Staying Healthy at the Beach: How to Avoid, Prevent, and Treat Jellyfish Stings

Walking on a beach or swimming in the ocean can be fun and relaxing. But just like any other activities, accidents can happen. This topic will help you determine the next steps to take if you have a jellyfish sting. Jellyfish are often present in coastal waters, having been brought ashore by winds or ocean currents. They are most common in warm ocean waters, especially along the Atlantic coast of the United States.

Jellyfish are members of a large group of venomous marine animals that also includes fire coral and sea anemones. They are present all over the world and cause injury and illness through the release of venom when their tentacles come in contact with skin (the source of that unpleasant stinging sensation). While the sting of a jellyfish can cause severe illness and extreme pain, documented deaths are rare.

Jellyfish stings cause immediate, intense pain and burning that can last for several hours. Raised, red welts develop along the site of the sting, which may look like you have been hit with a whip. The welts may last for 1 to 2 weeks, and itchy skin rashes may appear 1 to 4 weeks after the sting. Fortunately, most jellyfish stings are not severe. Extensive stings, allergic reactions, or severe toxic reactions are not common but do occur. To avoid the risk of drowning, swimmers should get out of the water as soon as they realize they have been stung.

If you have a jellyfish sting:

  • Do not rub the tentacles with your hands, a towel, sand, or clothing.
  • Soak a compress in household vinegar (5% acetic acid solution) and hot water. Apply to the affected area to prevent further stings.
    If vinegar is not available, rinse the area with large amounts of salt water. Do not use fresh water; this may cause the tentacles to release venom. Do not use urine, gasoline, kerosene, or turpentine.

    • If vinegar is not available, unseasoned meat tenderizer, baking soda, or one-quarter-strength household ammonia may be useful for treating jellyfish stings. Be careful not to get these products in your eyes. Meat tenderizer or baking soda may be sprinkled directly onto the affected area or made into a paste by adding water and then applied to the skin. Apply meat tenderizer to the skin for no longer than 15 minutes. Soak a cloth in ¼ cup (60 mL) ammonia mixed with ¾ cup (180 mL) water and apply it to the affected area.
  • Rinse eye stings with a saline solution, such as Artificial Tears.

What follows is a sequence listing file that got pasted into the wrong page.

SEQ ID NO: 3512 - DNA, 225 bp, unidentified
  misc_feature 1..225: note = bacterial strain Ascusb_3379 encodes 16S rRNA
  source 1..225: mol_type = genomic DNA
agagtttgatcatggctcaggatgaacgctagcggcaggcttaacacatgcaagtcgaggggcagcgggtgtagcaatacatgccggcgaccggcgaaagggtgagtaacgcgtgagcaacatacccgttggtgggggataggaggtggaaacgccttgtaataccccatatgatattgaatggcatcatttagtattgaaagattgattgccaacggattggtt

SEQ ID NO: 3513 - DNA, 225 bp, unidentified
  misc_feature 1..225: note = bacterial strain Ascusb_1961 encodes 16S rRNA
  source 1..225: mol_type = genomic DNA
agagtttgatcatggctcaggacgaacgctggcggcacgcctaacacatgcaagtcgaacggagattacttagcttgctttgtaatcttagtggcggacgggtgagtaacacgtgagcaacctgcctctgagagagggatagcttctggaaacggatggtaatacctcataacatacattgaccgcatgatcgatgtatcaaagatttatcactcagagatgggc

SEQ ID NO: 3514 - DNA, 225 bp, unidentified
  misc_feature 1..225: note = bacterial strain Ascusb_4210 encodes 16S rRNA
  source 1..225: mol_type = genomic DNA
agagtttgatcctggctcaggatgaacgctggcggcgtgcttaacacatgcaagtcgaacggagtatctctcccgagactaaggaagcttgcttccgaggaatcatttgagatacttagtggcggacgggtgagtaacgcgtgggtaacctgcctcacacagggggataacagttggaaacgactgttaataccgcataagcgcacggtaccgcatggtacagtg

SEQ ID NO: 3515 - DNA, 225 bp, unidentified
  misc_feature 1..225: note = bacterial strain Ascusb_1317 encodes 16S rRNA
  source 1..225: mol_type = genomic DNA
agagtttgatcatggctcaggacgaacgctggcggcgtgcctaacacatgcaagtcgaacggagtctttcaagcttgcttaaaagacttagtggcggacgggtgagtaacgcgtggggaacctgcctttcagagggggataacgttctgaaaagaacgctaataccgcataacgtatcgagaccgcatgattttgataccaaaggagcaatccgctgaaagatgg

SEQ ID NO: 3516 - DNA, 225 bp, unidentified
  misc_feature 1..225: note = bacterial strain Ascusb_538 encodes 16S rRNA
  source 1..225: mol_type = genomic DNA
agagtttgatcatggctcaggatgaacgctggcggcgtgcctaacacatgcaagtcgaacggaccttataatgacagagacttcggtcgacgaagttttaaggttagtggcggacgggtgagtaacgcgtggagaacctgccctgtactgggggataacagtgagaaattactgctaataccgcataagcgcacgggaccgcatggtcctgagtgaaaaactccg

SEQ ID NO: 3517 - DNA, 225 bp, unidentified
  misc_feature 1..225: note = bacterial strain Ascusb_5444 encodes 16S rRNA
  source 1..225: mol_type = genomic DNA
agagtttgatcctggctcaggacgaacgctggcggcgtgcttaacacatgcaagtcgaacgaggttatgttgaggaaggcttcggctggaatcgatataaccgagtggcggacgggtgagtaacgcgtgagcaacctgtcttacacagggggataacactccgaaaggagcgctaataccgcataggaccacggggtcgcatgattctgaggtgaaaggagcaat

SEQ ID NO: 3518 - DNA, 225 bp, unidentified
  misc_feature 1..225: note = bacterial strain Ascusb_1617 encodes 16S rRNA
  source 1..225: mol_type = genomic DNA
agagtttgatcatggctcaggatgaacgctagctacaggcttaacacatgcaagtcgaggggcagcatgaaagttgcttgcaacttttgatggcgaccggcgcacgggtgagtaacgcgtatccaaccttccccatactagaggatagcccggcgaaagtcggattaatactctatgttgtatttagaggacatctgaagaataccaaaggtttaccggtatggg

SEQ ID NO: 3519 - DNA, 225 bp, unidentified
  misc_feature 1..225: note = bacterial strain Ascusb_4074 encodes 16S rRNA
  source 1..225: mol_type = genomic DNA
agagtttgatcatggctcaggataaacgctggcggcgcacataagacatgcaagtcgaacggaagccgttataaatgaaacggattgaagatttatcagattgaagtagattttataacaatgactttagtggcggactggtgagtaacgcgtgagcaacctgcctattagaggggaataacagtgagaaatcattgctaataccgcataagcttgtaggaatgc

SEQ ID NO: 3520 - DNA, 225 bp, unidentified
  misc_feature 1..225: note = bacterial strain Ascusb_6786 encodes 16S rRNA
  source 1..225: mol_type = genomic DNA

Do not put vinegar, alcohol, or any other “stinger solution” in the eyes. The skin around the eye can be dabbed with a cloth soaked in vinegar, but you must be extremely careful not to get any of the solution in the eye.
  • After decontamination, pick off tentacles with a stick or your hand protected by a towel or glove. Be very careful not to rub or press the tentacles.
  • If it is available, apply a lather of shaving cream or soap, or a paste of baking soda, flour, or talc to the skin. The stinging cells will stick to the shaving cream or paste and can then be easily scraped off with a safety razor, a knife edge, or the edge of a credit card.
    • Take an antihistamine, such as diphenhydramine or chlorpheniramine, or apply 1% hydrocortisone cream to help control itching.
      Do not use the cream on children younger than age 2 unless your doctor tells you to. Do not use in the rectal or vaginal area in children younger than age 12 unless your doctor tells you to. Also, don’t give antihistamines to your child unless you’ve checked with the doctor first.
  • Use an ice pack to help relieve pain.
  • Clean any open sores 3 times per day, apply an antiseptic ointment, such as bacitracin, and cover with a light bandage.

You can limit your risk of being injured by jellyfish by doing the following:

  • Be prepared with first aid supplies that might be needed for a injury.
  • Watch for warning signs that are posted when there is a jellyfish invasion.
  • Do not touch jellyfish and watch for beached jellyfish as their tentacles may still sting.
  • Do not rely on clothing or on coating the skin with petroleum jelly (such as Vaseline) to prevent stings. Wear a wet suit to reduce your risk of getting stung.
  • Wear protective shoes when walking on the beach. Avoid stepping on marine life.
  • Talk to your doctor about carrying an allergy kit if you have had any sort of allergic reaction or toxic reaction to a marine sting in the past.
  • Consider using a topical jellyfish sting inhibitor lotion, such as Safe Sea.

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